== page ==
Cw Floyd wrote:Marco,
In my past limited experience with fire blight, it is highly contagious for those plants most susceptible. In my observations synthetic fertilizers, excess moisture causing unnaturally fast growth seem to trigger fire blight outbreaks the most. I now practice mostly the S.T.U.N. method (sheer, total, utter, neglect) as far as my plantings and guilds go. I have found it far easier to let Mother Nature decide what will thrive or perish. I know this sounds a bit harsh, but planting fire blight resistant varieties was my ultimate option. Too much valuable time and energy is wasted trying to get ill plants to barely thrive unless constantly attended to, this was stealing my joy piece by piece! If you have managed to not be attacked yet, then I commend you and feel you are doing all the right moves! Trust in yourself and hold true to your path - good soil, good guilds, (I love comfrey) everything you are presently doing in my opinion will be your best defense. I wish I could suggest a magic bullet, but I believe a good rich living soil is the ultimate defensive weapon - best of luck my friend!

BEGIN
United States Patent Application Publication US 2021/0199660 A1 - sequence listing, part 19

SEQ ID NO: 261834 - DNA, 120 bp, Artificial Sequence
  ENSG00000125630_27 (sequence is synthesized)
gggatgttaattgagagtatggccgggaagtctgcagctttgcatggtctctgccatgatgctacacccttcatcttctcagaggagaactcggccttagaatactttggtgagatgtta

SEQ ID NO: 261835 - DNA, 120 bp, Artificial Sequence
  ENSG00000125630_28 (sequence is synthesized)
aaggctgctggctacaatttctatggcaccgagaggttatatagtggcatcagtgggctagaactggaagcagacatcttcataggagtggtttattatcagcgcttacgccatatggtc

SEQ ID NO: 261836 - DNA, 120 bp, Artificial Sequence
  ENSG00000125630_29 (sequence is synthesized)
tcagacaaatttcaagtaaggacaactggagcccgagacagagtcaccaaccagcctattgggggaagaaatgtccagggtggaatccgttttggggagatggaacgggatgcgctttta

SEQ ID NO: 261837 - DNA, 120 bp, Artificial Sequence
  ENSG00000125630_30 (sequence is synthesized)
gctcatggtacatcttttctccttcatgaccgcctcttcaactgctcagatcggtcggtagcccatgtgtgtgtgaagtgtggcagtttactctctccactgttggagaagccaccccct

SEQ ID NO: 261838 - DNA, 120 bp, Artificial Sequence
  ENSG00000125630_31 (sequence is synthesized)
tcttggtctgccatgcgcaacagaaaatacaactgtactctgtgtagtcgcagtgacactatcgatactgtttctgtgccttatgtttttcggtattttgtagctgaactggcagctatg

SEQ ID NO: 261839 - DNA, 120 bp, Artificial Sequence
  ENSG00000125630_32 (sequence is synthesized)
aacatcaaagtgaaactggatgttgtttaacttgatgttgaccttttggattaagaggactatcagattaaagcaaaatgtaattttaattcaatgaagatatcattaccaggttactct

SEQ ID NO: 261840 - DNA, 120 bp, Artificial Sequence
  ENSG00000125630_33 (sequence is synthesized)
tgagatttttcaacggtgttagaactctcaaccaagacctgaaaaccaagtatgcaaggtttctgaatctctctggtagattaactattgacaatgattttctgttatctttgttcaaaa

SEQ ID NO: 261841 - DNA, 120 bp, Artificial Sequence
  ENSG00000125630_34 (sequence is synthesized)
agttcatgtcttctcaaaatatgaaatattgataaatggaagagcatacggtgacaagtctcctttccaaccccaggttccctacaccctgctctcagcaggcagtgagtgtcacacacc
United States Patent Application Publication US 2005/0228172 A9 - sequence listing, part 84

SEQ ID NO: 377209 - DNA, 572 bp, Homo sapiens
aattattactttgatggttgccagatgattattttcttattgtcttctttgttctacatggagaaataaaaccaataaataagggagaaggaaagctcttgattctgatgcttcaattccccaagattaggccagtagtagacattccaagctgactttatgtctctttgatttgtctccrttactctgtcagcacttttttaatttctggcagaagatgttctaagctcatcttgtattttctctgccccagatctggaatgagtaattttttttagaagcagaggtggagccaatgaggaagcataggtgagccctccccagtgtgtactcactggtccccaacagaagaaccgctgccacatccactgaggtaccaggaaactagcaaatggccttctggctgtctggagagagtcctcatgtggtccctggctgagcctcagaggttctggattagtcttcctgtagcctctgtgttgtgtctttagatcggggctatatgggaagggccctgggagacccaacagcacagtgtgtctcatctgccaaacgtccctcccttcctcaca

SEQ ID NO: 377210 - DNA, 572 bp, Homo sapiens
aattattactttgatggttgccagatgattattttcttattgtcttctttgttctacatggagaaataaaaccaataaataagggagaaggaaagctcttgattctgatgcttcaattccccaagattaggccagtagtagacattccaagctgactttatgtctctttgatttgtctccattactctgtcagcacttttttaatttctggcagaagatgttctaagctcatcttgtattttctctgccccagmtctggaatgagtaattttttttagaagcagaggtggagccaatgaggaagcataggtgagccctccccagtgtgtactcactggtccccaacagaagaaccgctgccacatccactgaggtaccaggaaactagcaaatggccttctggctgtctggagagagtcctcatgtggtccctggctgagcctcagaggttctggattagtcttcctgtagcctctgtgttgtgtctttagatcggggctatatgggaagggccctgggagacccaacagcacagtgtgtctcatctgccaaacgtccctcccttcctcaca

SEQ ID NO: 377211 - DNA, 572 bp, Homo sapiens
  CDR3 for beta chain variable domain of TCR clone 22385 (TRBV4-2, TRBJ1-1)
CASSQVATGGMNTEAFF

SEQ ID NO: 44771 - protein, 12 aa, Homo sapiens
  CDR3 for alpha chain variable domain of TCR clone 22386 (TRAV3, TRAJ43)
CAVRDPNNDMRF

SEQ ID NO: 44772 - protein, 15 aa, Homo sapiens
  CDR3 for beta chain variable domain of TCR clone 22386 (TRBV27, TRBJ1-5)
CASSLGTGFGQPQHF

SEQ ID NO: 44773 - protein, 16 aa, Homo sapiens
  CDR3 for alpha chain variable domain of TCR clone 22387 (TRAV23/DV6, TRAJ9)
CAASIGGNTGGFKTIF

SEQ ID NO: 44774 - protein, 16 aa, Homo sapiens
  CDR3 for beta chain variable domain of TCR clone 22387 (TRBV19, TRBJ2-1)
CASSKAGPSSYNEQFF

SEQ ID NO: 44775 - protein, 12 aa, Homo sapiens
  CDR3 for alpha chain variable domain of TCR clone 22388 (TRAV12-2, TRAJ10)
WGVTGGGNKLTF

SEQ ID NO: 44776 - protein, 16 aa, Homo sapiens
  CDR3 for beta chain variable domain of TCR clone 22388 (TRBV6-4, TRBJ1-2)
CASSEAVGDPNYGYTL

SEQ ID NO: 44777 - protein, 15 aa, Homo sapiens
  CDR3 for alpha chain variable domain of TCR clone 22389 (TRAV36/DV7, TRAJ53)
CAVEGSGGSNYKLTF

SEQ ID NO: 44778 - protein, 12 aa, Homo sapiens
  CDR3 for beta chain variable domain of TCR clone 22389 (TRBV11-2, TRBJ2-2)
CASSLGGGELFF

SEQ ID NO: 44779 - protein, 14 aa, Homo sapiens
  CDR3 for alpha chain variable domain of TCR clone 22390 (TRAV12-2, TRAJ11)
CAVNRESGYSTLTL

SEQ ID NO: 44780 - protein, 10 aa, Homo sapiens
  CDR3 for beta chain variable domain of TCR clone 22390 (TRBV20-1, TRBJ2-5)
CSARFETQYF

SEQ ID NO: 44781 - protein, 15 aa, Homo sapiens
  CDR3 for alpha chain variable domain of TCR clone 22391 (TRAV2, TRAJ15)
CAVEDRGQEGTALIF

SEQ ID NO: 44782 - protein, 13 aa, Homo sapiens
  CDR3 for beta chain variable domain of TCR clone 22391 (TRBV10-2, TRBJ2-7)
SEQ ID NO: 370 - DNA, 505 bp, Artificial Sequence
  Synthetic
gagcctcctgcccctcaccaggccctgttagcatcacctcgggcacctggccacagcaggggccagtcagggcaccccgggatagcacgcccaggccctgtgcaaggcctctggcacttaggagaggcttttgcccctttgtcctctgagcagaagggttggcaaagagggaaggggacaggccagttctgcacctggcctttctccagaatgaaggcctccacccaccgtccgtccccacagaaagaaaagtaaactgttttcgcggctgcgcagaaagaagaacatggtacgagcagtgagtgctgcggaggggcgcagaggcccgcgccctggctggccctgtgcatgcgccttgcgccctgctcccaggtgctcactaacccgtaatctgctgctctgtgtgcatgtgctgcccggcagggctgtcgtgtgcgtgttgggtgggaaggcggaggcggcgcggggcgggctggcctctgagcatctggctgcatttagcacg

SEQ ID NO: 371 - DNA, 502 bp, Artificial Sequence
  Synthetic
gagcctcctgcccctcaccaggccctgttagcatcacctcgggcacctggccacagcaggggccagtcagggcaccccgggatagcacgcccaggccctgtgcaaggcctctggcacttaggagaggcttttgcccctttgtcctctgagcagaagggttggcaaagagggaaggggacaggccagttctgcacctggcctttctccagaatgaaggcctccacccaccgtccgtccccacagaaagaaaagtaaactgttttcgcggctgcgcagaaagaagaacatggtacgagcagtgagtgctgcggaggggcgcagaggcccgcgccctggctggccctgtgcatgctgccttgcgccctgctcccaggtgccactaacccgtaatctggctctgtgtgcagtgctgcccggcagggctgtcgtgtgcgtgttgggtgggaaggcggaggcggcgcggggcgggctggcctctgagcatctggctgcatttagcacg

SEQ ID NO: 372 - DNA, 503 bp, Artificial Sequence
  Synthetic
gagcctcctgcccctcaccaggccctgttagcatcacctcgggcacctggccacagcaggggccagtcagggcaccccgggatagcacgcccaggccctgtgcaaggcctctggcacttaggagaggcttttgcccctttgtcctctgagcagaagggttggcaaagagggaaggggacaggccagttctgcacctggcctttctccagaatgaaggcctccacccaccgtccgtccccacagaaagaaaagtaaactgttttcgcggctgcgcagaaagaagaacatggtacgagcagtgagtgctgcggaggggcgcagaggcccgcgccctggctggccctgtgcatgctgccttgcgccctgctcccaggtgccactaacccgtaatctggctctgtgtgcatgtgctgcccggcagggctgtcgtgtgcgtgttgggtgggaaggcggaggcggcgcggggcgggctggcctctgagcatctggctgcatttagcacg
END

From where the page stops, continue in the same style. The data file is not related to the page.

Ken W Wilson wrote:I mostly agree with the previous responses but want to add that organic fertilizer is a problem too. New growth is more susceptible, so the slower the tree grows the better. I lost a pear and several apples. The chicken tractor was not directly under them, but too close.
I think standard sized trees can stand more infection.